The End of Poverty?
2009, NR, 104 min. Directed by Philippe Diaz. Narrated by Martin Sheen.
REVIEWED By Marc Savlov, Fri., Dec. 18, 2009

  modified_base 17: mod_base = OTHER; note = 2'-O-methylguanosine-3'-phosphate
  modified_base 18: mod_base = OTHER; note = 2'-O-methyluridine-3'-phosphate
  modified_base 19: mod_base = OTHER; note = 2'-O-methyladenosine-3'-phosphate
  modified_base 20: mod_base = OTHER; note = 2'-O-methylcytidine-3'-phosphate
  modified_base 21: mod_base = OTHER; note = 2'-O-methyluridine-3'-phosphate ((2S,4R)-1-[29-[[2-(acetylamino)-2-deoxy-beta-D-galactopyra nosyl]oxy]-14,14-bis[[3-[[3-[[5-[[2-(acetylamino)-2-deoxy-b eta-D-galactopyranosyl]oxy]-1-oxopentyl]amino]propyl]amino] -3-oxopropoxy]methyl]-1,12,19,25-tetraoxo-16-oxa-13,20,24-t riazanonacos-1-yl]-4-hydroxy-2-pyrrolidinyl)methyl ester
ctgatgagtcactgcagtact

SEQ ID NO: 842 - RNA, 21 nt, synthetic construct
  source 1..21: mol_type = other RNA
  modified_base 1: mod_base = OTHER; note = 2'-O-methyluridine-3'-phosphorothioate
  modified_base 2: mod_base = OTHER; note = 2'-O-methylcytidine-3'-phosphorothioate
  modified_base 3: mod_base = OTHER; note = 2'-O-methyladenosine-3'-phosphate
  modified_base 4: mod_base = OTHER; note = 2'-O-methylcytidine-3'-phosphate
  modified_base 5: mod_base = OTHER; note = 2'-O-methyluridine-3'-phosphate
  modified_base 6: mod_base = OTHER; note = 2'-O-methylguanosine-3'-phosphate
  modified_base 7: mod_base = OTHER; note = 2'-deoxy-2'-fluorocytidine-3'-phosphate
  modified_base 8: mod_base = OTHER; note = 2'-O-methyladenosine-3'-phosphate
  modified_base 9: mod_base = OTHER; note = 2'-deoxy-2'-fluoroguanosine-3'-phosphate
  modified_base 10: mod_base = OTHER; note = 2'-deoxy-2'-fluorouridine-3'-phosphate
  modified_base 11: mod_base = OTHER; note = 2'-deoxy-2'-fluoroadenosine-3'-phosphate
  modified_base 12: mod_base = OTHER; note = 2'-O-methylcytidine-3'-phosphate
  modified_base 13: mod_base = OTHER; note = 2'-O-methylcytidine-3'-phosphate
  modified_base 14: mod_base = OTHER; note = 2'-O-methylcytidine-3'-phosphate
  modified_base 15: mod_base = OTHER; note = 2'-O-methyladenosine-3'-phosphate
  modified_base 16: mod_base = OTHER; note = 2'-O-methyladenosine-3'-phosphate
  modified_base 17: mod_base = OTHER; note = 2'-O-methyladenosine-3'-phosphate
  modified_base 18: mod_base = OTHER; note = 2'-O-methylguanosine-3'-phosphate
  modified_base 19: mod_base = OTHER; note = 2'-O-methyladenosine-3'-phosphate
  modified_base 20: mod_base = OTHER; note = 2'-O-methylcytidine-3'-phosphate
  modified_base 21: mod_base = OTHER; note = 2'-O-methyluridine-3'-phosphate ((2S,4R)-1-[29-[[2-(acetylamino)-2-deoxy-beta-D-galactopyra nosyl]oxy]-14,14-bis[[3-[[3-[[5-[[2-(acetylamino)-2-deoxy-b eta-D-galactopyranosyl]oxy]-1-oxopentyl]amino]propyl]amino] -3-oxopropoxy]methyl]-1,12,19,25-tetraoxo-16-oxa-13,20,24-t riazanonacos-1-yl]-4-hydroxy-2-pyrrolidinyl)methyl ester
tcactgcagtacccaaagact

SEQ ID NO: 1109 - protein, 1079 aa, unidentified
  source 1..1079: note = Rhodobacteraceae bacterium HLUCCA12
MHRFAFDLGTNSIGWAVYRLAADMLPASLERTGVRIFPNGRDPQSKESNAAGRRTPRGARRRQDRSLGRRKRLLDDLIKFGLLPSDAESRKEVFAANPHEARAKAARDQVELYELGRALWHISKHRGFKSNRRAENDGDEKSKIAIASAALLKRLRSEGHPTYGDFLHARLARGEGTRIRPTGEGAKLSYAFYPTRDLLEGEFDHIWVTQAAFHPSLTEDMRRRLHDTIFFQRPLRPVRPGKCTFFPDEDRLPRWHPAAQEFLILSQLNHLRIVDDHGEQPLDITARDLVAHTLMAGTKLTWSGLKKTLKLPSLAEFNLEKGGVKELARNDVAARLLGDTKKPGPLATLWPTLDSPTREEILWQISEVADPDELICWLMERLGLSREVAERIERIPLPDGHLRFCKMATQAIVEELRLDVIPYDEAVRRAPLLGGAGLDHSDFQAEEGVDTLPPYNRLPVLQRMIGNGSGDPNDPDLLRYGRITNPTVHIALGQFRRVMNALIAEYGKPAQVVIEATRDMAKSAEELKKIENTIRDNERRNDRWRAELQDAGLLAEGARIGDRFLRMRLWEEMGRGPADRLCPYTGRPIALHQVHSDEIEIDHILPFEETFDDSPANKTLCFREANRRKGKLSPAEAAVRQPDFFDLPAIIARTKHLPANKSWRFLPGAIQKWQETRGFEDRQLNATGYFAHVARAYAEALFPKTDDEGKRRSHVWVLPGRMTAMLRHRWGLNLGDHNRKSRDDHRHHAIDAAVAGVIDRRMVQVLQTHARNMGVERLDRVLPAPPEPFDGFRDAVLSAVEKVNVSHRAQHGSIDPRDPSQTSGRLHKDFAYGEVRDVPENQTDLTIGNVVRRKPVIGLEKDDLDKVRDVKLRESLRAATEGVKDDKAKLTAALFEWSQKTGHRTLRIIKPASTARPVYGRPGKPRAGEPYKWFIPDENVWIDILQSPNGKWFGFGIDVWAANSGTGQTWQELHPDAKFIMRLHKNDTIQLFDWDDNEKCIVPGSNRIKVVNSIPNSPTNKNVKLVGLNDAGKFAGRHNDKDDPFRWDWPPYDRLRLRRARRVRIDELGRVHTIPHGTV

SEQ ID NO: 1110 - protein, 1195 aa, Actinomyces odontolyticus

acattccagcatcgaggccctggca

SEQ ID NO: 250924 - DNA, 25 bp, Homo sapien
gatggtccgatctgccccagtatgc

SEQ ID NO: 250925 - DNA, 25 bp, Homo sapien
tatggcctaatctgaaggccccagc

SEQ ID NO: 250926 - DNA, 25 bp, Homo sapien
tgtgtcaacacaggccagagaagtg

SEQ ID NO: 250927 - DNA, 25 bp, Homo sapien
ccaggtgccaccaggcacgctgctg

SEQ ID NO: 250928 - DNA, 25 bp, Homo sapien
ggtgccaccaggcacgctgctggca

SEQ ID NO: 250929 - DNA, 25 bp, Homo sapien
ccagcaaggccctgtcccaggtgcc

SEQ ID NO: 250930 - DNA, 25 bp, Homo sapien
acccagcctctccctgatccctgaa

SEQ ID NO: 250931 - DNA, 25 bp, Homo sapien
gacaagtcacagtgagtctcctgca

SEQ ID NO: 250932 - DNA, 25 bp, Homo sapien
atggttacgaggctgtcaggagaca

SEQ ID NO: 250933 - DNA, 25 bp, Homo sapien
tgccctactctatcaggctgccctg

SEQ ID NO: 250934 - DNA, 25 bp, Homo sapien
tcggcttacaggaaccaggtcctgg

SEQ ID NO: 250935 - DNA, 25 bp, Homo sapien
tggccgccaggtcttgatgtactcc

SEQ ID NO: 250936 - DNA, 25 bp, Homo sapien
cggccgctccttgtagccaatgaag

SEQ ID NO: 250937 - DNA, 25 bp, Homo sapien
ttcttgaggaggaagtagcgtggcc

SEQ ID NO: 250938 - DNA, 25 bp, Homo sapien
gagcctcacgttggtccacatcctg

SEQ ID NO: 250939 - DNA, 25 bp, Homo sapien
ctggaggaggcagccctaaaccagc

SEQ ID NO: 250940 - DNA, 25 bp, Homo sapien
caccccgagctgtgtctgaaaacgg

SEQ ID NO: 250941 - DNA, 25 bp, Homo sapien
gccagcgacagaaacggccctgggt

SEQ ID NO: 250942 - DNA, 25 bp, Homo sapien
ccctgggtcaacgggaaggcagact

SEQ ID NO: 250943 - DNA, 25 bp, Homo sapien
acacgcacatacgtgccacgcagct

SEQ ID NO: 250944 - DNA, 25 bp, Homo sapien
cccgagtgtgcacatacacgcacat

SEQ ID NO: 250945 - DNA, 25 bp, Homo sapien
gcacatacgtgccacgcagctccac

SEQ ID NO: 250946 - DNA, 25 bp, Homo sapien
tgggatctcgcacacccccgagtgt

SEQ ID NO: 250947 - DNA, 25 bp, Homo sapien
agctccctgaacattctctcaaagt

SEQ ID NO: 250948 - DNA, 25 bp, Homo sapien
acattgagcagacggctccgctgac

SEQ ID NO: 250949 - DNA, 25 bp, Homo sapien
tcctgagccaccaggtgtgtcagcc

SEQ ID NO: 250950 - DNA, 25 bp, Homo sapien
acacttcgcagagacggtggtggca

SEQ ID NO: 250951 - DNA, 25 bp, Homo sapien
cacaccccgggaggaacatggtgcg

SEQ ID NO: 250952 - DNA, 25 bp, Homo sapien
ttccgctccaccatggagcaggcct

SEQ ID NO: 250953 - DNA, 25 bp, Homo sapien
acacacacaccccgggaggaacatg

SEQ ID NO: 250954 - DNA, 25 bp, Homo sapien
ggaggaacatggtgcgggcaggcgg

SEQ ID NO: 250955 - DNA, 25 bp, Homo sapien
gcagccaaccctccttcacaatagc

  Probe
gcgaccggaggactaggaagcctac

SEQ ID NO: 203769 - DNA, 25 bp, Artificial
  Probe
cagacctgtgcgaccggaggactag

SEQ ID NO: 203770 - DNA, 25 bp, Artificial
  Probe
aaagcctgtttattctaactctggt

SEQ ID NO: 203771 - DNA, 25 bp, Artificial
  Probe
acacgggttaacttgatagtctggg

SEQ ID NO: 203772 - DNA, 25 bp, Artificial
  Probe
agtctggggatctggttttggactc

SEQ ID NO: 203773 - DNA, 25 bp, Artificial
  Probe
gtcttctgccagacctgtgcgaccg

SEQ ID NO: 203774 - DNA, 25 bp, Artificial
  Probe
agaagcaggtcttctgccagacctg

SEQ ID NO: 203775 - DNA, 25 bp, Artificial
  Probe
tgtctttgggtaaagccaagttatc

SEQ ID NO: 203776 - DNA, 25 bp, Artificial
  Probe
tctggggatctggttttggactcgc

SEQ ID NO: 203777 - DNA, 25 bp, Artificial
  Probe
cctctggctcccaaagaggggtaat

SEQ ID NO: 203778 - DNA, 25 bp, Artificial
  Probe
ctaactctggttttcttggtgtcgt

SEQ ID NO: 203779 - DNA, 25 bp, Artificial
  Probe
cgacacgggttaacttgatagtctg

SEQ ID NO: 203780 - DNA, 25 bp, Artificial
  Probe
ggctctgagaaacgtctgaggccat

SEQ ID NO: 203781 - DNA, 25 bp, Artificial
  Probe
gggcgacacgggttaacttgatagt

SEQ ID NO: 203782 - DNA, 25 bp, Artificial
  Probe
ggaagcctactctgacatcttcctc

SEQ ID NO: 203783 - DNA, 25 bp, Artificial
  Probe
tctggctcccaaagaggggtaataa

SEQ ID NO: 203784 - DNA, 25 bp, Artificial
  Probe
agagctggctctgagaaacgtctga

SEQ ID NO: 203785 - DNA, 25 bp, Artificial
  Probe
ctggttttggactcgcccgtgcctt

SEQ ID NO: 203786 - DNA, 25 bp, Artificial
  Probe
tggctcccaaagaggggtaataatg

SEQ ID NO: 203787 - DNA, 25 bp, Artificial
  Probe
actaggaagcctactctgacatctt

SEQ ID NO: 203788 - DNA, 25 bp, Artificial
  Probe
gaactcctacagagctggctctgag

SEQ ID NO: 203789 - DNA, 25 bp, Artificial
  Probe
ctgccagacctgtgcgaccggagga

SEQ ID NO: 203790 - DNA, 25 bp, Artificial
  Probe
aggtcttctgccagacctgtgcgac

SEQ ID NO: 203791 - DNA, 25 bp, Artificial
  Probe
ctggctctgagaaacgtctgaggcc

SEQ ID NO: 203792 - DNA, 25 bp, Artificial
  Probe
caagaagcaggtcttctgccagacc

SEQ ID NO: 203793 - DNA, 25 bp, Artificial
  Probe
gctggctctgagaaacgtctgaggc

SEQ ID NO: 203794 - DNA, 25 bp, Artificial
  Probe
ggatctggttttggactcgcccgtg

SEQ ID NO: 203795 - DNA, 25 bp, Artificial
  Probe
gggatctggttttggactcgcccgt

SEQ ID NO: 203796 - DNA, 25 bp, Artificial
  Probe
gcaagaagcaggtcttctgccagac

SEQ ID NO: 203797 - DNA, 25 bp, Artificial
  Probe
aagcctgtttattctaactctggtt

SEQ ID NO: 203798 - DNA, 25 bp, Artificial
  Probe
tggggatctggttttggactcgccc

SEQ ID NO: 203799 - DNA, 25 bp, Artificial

A didactic documentary that covers ground already trampled to death by countless other films, books, magazine articles, and grad-student theses, The End of Poverty? is, in essence, a sort of Capitalism, Colonialism, and Cronyism 101. It hits all the right notes (well, most of them) in the argument against globalization and rampant U.S.-led corporate imperialism, but it rarely supersedes or improves on its pedantic predecessors. This isn't to say that The End of Poverty? is a bad film, per se, but only that it's unlikely to change anyone's mind, be they Rush Limbaugh or Ralph Nader. The film preaches to the proverbial choir most of the time, and when it offers something new – for instance, the idea that all poverty woes can be traced back to 1492 and the discovery and conquering of the Americas by Spain – it slips into theorizing and potentially fuzzy historical and empirical evidence. Diaz loves both his facts and the talking-head interviewees who lend support to them (among the many scientists and global economy wonks on hand are political scientist Susan George, Eric Toussaint of the Committee for the Abolition of Third World Debt, and New York University professor of economics William Easterly). While the speakers’ many, many arguments against Western colonialism are sound, few offer much along the lines of encouragement, which leaves Diaz to focus on rehashing the already well-documented crimes against humanity committed by everyone from the big pharmaceutical conglomerates to the looters of crude oil, African minerals, and the sort of globalization-sanctioned policies that eviscerate the Third World while fattening the first. Yes, it's enlightening, but this is hardly revelatory news. As narrated by a dour Sheen, Diaz's documentary is more dispiriting than anything, although at times it raises the moral hackles and puts you in exactly the right frame of mind (frustrated, enraged) to ponder the efficacy of tossing a Molotov cocktail through the window of your local Bank of America or McDonald's.